You are absolutely correct that telephone number information is "more than immediately available". Many companies routinely use Caller ID, and if anyone reading this thinks they discard that information when the call is completed, well, you're in more serious need of help than we can provide in this column. There are ways around this, if you're willing to be diligent about your privacy.
First, who sez you need a land line? Cell phone services have become so good that you may not need "local phone service" any more. Cable modem or satellite internet hookup are options instead of dialup or DSL in many places; cable modem service can offer better speeds at lower prices than DSL too. There are places where you can get cell phones anonymously; yes, it costs more, but if you want that level of privacy, it's a small tradeoff. Or, forego phone service at your home altogether, and rely on phone cards and pay phones (purchased anonymously, of course) to conduct your business. Yes, that can be inconvenient, especially in an emergency, but again, is the price worth the privacy to you?
Making up an SSN -- even using a book by authors who claim to know the algorithm for generating them -- is very tricky these days, as automatic verfication is becoming more common. An option that might work for you is to find a valid SSN and use it for this purpose. Bill Gates' SSN has been widely bandied about on the web, for example ... other individuals, especially those who've stopped using theirs, sometimes make theirs publicly available. Some activists even encourage such uses of their former SSNs in ways you'd like, in order to help create disinformation and confusion in the Thought Police files. A worthy goal, that.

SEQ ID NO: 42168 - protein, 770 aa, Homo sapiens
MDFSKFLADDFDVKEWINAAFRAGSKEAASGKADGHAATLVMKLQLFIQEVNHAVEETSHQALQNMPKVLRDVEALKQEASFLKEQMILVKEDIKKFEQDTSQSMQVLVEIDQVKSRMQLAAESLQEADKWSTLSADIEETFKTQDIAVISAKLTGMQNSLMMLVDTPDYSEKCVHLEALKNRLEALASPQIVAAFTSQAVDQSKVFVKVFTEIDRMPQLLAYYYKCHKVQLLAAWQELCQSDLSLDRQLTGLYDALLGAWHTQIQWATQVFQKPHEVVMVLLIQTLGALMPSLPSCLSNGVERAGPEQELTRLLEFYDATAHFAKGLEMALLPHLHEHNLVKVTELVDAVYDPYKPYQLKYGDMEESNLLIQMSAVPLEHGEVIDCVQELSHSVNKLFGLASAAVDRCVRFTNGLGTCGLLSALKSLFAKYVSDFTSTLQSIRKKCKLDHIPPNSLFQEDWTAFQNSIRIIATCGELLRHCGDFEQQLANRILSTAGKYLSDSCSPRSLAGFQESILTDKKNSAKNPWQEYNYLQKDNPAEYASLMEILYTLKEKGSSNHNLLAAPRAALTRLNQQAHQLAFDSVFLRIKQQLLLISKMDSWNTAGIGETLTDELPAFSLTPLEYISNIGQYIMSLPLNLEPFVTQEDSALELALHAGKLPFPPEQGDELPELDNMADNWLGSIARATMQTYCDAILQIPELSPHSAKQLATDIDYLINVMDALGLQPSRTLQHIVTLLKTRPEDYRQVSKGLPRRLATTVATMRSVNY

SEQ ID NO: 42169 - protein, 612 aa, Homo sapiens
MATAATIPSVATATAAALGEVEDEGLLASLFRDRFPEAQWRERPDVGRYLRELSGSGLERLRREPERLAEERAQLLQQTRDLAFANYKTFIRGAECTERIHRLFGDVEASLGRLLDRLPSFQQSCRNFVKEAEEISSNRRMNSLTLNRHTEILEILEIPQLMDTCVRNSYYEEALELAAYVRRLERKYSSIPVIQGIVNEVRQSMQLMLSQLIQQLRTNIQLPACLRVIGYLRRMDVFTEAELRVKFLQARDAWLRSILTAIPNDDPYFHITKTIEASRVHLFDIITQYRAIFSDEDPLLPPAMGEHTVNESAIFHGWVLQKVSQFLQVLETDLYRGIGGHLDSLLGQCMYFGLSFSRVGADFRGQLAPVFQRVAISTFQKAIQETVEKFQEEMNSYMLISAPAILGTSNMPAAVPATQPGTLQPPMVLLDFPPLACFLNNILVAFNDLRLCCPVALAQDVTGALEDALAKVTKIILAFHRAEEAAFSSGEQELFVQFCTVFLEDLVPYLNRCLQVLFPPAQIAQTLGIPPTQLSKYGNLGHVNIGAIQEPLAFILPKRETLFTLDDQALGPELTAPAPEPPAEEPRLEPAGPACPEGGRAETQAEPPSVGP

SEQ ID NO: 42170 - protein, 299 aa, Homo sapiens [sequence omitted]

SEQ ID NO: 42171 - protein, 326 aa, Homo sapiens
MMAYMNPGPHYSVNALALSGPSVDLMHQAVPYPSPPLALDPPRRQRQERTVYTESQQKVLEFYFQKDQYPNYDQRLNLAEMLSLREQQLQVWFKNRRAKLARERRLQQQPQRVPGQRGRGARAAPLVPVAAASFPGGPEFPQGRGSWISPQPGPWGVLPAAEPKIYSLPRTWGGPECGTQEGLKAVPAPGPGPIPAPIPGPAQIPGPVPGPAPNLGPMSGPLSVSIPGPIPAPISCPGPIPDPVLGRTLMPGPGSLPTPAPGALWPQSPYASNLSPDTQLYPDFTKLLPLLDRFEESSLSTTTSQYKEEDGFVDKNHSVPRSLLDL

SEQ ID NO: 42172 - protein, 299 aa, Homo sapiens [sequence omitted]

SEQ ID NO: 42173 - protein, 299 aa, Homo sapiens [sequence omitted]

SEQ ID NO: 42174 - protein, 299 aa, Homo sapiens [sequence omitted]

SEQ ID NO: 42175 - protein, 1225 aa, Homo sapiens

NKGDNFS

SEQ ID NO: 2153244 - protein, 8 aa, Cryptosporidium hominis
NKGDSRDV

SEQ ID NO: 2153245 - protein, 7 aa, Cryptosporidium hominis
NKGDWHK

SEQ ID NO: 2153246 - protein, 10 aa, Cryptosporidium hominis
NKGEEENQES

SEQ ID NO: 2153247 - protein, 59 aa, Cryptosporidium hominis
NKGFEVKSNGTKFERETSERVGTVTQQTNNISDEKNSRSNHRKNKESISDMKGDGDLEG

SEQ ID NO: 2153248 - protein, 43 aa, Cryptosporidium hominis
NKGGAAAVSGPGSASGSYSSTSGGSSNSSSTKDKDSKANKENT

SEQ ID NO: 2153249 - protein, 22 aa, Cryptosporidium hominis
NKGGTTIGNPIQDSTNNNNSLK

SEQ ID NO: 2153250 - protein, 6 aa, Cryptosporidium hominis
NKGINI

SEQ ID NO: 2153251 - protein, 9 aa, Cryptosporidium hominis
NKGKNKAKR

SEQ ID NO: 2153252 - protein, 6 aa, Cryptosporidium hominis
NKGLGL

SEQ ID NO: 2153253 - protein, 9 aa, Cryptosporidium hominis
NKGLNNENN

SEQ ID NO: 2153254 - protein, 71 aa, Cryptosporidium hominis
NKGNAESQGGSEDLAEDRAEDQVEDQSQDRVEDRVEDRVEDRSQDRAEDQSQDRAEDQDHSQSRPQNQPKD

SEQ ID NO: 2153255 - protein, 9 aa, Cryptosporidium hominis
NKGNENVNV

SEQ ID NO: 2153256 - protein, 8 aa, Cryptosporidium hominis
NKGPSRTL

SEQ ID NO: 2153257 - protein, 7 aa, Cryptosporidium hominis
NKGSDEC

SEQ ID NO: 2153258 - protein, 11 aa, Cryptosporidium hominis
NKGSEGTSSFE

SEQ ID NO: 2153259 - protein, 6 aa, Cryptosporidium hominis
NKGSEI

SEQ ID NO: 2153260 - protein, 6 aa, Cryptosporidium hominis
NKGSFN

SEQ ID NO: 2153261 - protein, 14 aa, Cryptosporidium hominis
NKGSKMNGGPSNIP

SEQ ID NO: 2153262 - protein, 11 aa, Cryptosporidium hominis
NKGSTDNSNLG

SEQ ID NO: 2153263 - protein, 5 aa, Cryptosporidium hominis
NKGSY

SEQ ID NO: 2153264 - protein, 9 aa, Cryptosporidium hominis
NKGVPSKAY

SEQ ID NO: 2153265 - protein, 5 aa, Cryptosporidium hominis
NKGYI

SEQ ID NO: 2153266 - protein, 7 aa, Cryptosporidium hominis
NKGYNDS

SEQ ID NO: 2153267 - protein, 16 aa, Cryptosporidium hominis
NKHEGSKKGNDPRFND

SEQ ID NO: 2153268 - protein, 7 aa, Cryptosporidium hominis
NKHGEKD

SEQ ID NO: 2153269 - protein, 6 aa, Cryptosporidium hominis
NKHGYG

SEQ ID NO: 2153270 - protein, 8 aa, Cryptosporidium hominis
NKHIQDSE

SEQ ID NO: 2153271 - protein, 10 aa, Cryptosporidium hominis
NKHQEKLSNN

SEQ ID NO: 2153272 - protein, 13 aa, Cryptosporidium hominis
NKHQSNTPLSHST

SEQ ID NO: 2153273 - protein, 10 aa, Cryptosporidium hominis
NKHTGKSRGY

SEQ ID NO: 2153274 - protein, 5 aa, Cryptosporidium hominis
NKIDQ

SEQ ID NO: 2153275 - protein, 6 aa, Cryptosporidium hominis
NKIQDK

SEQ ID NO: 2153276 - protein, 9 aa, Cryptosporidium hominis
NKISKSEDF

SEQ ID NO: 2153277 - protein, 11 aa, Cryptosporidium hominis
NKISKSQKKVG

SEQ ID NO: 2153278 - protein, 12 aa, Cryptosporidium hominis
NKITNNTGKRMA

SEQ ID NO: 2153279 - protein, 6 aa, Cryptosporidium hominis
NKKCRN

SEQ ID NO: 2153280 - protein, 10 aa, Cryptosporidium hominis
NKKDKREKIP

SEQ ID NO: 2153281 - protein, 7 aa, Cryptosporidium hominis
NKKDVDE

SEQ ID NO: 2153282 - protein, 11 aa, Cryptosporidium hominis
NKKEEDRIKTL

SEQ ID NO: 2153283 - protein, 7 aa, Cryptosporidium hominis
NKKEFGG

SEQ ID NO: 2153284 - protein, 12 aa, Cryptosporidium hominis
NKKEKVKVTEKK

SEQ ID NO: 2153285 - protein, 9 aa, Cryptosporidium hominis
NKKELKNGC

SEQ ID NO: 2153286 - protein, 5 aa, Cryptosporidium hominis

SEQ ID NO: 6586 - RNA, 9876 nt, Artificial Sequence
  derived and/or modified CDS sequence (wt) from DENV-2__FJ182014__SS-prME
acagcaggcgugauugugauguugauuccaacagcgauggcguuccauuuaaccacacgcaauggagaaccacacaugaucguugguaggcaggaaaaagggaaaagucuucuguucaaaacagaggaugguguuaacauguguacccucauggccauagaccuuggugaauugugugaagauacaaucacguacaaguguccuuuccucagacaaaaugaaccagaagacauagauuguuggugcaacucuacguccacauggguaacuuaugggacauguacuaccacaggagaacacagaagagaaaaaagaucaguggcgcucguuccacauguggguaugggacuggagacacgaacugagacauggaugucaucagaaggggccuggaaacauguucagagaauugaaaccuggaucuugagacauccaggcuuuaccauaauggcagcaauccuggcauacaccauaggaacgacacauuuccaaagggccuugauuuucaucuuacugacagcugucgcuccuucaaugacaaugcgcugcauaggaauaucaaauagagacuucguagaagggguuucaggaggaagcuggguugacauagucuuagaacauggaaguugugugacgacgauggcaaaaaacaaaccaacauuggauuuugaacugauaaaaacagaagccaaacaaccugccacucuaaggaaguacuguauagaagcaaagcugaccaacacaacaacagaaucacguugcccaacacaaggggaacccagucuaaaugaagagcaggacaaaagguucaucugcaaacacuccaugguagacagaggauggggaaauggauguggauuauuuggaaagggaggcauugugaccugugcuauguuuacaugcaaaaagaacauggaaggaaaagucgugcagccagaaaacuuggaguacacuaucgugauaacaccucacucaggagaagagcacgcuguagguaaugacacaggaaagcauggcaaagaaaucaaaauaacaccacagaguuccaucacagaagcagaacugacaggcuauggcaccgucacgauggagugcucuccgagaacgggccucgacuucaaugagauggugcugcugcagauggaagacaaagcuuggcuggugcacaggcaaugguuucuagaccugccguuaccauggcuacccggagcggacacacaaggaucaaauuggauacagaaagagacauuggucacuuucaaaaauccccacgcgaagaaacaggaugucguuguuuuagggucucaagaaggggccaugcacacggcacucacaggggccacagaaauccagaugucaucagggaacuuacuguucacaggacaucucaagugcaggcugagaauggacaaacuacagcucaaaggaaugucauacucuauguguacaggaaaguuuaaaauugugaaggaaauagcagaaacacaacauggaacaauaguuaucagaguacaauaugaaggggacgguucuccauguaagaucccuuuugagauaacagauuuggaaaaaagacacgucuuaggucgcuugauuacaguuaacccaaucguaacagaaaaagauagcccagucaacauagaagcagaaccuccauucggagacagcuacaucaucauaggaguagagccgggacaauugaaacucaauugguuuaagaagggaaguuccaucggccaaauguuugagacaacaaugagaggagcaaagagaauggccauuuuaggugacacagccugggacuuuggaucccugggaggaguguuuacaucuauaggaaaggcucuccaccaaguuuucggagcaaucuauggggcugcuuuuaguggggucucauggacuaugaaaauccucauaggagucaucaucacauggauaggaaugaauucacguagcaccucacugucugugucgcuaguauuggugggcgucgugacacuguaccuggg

If you're sharing living quarters with others, there's always the simple expedient of having utilities in their names, rather than yours. If you aren't listed in the phone book, and don't have any utilities in your name, there's little to tie you to a physical address and telephone number.
Last, have you tried the simply "I don't use that number" and not give them anything else routine? We know people who have done so successfully, but it's worked under fairly limited circumstances. If you can convincingly pull off a claim that you're being stalked by an ex who knows your SSN and other ID information, for example, you *may* be able to get set up without giving revealing information away. To do this, though, you need to be convincing, and consistent.
Other solutions are certainly out there. If others have thoughts and successful tips on this matter, please share them with us.
Many towns and cities have telephone service "resellers" which cater to people with poor credit ratings and "illegal" immigrants without papers. These outfits get the phone account in their names, but physically at your location. You pay in advance every month, and never give the phone your ID. Watch storefronts for signs advertising these little companies. If there's a Hispanic community in your town, check out that area.